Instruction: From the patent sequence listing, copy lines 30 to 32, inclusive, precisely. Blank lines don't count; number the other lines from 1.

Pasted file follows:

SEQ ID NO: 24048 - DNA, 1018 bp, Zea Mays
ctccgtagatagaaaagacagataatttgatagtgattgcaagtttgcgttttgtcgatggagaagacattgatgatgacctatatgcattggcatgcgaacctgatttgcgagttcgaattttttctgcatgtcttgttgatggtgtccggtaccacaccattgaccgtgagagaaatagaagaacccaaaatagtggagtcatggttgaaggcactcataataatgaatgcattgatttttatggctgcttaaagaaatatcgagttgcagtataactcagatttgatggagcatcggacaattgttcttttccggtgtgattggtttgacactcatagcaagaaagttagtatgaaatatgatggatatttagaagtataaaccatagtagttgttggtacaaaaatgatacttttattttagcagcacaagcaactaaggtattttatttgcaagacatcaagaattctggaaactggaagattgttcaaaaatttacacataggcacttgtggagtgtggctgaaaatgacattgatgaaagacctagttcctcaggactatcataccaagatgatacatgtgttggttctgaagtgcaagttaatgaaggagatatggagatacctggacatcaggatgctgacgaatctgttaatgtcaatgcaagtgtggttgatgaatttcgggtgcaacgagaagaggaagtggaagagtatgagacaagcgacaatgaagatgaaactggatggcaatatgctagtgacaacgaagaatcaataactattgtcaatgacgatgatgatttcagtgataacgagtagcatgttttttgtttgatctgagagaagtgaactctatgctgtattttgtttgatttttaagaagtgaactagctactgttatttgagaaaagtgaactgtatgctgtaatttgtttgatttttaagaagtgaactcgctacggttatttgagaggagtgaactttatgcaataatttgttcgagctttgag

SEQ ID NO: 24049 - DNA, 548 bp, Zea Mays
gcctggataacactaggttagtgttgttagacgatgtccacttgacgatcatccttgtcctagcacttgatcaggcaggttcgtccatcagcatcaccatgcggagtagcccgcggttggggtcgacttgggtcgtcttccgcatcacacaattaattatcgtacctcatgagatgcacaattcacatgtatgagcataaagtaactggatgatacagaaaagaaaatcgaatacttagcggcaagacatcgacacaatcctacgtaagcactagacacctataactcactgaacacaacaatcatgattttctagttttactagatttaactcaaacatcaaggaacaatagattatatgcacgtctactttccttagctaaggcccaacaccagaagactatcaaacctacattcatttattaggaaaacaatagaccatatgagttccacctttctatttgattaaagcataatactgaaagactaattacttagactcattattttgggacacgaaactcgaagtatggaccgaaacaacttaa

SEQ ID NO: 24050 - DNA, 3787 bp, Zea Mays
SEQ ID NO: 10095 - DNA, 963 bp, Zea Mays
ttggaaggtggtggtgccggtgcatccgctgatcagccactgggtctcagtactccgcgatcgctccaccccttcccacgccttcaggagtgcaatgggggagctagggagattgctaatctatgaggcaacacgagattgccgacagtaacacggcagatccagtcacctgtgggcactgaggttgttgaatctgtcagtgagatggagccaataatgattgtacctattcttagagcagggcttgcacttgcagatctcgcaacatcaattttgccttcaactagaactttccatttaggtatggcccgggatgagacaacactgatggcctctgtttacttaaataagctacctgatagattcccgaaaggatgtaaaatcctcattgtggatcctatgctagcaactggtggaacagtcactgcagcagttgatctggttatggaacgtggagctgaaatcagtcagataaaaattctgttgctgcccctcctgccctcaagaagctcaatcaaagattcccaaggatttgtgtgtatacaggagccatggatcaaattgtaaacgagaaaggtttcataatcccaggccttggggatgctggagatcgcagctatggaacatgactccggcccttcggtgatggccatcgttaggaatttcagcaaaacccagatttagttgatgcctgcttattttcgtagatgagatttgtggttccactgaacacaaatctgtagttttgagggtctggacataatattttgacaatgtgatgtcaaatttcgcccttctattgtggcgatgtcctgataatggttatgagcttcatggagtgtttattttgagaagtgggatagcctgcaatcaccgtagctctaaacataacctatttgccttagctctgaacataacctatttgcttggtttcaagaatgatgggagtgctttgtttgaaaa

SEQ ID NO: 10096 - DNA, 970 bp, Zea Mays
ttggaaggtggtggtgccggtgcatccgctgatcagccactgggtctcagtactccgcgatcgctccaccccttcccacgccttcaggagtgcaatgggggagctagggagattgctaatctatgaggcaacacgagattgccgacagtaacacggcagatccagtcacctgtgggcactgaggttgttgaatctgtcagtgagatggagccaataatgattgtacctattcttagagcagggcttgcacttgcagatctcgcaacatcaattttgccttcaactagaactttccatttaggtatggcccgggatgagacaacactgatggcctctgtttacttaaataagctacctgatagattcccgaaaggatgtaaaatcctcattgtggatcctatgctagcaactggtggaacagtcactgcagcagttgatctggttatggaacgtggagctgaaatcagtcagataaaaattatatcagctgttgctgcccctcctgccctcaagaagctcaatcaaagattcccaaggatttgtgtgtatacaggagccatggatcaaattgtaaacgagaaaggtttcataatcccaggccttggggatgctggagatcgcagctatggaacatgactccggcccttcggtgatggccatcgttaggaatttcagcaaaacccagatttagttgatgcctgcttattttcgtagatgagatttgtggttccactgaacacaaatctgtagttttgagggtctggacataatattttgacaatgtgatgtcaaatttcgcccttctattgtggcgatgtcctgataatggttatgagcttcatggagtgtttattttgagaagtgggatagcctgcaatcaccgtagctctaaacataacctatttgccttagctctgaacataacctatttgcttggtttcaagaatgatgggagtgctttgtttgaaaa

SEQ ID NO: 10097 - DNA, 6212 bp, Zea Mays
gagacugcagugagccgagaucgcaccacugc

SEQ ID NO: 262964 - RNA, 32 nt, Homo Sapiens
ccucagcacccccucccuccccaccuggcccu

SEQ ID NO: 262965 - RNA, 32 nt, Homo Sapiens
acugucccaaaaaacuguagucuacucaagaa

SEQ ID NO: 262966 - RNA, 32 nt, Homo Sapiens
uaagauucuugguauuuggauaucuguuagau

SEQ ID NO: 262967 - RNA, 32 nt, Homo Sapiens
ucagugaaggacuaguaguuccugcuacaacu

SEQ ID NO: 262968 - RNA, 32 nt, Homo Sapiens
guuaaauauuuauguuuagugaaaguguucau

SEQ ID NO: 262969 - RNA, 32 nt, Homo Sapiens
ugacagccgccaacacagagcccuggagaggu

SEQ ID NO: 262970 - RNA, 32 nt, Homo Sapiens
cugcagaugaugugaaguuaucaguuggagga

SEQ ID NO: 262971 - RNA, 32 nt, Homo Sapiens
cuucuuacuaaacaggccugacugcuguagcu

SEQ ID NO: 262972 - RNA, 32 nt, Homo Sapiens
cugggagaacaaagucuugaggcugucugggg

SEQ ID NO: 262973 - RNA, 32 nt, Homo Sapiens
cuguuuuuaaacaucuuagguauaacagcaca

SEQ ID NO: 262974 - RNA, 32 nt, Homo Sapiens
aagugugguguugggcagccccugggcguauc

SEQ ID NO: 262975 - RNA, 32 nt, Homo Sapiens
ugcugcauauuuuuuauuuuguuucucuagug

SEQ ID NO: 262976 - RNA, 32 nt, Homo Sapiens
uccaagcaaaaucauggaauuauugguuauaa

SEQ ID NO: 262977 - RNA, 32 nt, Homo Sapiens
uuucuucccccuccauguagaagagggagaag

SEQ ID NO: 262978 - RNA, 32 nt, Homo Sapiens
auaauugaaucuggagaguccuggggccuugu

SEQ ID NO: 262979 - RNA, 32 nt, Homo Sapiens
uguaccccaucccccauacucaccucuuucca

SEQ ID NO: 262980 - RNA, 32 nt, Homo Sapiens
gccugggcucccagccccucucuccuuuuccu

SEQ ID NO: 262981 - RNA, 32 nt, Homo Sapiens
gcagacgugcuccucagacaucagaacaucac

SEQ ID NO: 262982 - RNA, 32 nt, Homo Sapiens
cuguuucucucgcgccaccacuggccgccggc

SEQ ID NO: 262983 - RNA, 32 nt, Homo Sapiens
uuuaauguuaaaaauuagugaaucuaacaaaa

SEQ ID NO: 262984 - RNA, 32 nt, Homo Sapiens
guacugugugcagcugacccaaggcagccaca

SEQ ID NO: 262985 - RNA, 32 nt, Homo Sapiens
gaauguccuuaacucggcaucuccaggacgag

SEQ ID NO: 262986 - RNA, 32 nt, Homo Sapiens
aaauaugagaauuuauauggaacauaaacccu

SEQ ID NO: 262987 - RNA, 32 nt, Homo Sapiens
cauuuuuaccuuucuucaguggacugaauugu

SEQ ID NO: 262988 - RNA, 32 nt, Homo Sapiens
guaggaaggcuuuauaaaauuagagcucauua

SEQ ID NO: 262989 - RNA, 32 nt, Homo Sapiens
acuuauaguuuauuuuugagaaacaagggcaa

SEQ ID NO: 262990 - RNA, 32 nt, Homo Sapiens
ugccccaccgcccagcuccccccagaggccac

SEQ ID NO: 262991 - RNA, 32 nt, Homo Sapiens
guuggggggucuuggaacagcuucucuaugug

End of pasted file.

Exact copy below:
SEQ ID NO: 262973 - RNA, 32 nt, Homo Sapiens
cuguuuuuaaacaucuuagguauaacagcaca

SEQ ID NO: 262974 - RNA, 32 nt, Homo Sapiens